Sunday, May 22 – “How Are You, Really?”

View this recorded version of Sunday Worship from May 22, 2022.

Bible Verses

Bible verses: Matthew 5: 14-15, Gospel of Thomas, logion 24

Reflection: “How Are You, Really?”

Snippets from the sermon by Rev. Dr. Susan Alloway

“I had a best friend who would ask people, how are you?

And when they’d start to say, Oh, fine! he would say, no! How are you really? And he would look them in the eye.

It’s something, you know we don’t do in our culture, and nine times out of ten, when they got that genuine sincere invitation, they would say how they were–and sometimes they were going through some hard times.

If you knew them, and you knew what they were going through then you knew what hard times they were going through, but this gave them an opportunity to say something to somebody else that apparently cared.

I used to say to him, you know you’re one of the most Jesus like people, I know, and he was stunned and said why would you say that?

And I said, Because you open yourself to people and you care–you really care.

…In Genesis God says to Abraham, I will bless you with progeny and property, with descendants, and with land, in order that you may be a blessing.

You don’t just get the blessing and you get to sit in it. You have to give it, and our passages from Matthew and the Gospel of Thomas talk about how we are!

The light…. we are the light, but we have not just been given light so that we can benefit from it. We have been given light so that we can share it, so that we can give light.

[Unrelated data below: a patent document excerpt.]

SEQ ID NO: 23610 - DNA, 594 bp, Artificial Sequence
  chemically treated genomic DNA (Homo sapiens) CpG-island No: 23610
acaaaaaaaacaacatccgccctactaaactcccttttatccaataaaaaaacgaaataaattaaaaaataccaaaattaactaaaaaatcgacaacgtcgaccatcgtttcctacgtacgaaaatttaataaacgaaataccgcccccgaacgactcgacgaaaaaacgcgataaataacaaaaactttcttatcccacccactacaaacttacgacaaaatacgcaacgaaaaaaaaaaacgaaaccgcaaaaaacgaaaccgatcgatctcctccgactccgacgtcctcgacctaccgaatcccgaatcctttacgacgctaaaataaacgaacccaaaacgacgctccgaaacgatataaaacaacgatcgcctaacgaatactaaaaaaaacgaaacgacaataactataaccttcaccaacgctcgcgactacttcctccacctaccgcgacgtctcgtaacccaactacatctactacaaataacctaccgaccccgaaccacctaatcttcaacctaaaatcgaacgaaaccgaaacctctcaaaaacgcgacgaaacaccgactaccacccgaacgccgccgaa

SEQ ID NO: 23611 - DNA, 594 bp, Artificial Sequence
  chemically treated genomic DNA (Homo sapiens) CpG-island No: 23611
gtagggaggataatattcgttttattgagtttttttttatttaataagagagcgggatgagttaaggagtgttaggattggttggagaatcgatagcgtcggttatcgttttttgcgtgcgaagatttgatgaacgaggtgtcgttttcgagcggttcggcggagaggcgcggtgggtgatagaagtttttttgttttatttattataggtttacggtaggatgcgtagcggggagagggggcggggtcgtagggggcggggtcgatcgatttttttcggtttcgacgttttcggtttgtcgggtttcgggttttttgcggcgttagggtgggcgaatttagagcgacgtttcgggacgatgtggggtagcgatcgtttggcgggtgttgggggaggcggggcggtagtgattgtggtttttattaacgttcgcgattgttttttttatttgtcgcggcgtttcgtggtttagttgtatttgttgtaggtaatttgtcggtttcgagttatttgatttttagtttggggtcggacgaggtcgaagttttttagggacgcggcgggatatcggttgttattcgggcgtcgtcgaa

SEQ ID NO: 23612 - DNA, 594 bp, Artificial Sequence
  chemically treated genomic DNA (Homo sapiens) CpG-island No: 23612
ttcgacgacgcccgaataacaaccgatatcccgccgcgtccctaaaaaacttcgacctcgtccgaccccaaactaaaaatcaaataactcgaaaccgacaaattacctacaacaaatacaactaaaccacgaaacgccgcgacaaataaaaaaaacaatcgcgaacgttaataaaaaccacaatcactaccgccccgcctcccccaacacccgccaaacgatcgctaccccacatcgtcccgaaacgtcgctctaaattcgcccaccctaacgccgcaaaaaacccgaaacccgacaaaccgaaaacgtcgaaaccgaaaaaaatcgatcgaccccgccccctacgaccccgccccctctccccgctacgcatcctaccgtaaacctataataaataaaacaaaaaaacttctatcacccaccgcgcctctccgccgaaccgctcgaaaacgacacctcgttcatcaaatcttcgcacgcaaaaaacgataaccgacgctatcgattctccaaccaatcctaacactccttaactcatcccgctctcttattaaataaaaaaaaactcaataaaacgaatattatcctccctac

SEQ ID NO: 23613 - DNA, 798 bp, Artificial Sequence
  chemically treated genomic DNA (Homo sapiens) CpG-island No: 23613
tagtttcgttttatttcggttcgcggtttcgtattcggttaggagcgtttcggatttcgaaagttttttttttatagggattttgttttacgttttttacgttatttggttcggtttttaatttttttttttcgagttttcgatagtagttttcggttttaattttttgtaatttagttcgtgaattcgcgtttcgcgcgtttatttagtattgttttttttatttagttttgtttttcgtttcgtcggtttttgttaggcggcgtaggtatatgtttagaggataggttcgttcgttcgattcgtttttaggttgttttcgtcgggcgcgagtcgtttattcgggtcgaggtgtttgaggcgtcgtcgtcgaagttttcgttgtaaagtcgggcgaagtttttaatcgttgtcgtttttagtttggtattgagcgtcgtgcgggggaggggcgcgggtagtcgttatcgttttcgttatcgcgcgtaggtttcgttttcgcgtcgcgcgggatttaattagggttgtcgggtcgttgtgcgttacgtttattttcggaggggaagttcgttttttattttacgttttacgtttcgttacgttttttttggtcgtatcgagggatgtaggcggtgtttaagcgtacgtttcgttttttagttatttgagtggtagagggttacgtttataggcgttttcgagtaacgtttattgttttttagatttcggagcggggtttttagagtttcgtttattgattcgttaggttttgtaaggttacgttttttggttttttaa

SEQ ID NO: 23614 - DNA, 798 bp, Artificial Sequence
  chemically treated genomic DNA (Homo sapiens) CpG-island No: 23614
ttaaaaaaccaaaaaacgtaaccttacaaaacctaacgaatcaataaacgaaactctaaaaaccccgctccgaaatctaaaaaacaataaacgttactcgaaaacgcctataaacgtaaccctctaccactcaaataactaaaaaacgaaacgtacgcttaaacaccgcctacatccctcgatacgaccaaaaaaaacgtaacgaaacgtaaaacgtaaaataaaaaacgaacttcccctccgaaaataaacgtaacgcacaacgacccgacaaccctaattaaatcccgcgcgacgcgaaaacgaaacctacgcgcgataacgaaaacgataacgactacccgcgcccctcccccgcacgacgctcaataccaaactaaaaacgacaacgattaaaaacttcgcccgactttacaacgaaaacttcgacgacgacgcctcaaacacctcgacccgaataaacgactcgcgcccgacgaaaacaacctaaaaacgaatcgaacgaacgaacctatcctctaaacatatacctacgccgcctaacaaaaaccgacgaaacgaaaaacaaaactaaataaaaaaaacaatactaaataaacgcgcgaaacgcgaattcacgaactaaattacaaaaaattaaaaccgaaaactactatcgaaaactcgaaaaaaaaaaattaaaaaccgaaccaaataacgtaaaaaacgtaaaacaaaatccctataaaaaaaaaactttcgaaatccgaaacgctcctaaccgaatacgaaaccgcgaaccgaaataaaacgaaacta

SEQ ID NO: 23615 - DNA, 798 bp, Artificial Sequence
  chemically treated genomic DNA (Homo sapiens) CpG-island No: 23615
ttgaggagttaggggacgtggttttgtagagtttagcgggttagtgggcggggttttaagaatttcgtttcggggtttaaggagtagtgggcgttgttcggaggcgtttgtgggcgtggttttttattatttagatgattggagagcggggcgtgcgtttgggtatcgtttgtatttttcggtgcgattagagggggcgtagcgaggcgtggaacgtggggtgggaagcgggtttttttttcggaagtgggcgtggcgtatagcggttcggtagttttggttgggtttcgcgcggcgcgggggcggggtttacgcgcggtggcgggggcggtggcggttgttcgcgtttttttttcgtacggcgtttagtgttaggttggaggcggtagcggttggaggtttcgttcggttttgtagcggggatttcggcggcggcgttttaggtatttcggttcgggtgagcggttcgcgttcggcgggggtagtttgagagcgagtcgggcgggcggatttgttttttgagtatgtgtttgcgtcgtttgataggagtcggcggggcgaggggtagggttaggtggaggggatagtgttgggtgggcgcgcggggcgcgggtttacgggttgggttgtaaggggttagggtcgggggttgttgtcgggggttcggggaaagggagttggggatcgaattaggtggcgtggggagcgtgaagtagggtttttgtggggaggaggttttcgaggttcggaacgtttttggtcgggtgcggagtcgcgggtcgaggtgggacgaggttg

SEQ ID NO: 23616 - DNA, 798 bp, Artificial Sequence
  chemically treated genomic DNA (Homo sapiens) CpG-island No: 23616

As the passage from the Gospel of Thomas says there are people filled with light, and if they don’t shine it, what darkness! It has been said that God will not give us more light until we use the light.

We have already been given, and if, as we say we’re going to follow Jesus on the radical way of love following means, do something, and love means do something.

It means being willing to say, ‘how are you really’, being willing to listen to someone else’s pain.

You know we don’t Do that we we have a culture that says you don’t really ask people what’s going on in their lives. That’s too personal. That’s intrusive.

Well, you know you say how are you really, if they don’t want to tell you, they’ll still say fine.

But you’ve given them the opportunity. And if you scratch us deep enough, sometimes you find that the thing is we really don’t want to hear We really don’t want to hear how they are.

We really don’t want to hear painful stuff. We think, you know, I have enough painful stuff of my own. I don’t want to go around listening to other people’s painful stuff.

But Michael Singer, who wrote the Untethered Soul has a suggestion about how to hear someone else’s pain.

It’s a suggestion about how we feel and what we do with what we feel. Singer says the heart is the biggest energy center in our bodies, and when we hear something painful or see something painful, we shut down.

We absolutely close our hearts if we do this to protect ourselves. But the problem is the pain has already gone in. We’ve already seen the pain or heard the pain, and then we close over it, and then we’re holding it.

So instead, we can open our hearts, and when we hear something painful, or see something painful if we open our hearts, we imagine that it just goes straight through.

It comes in, we acknowledge it, and it just passes on through.”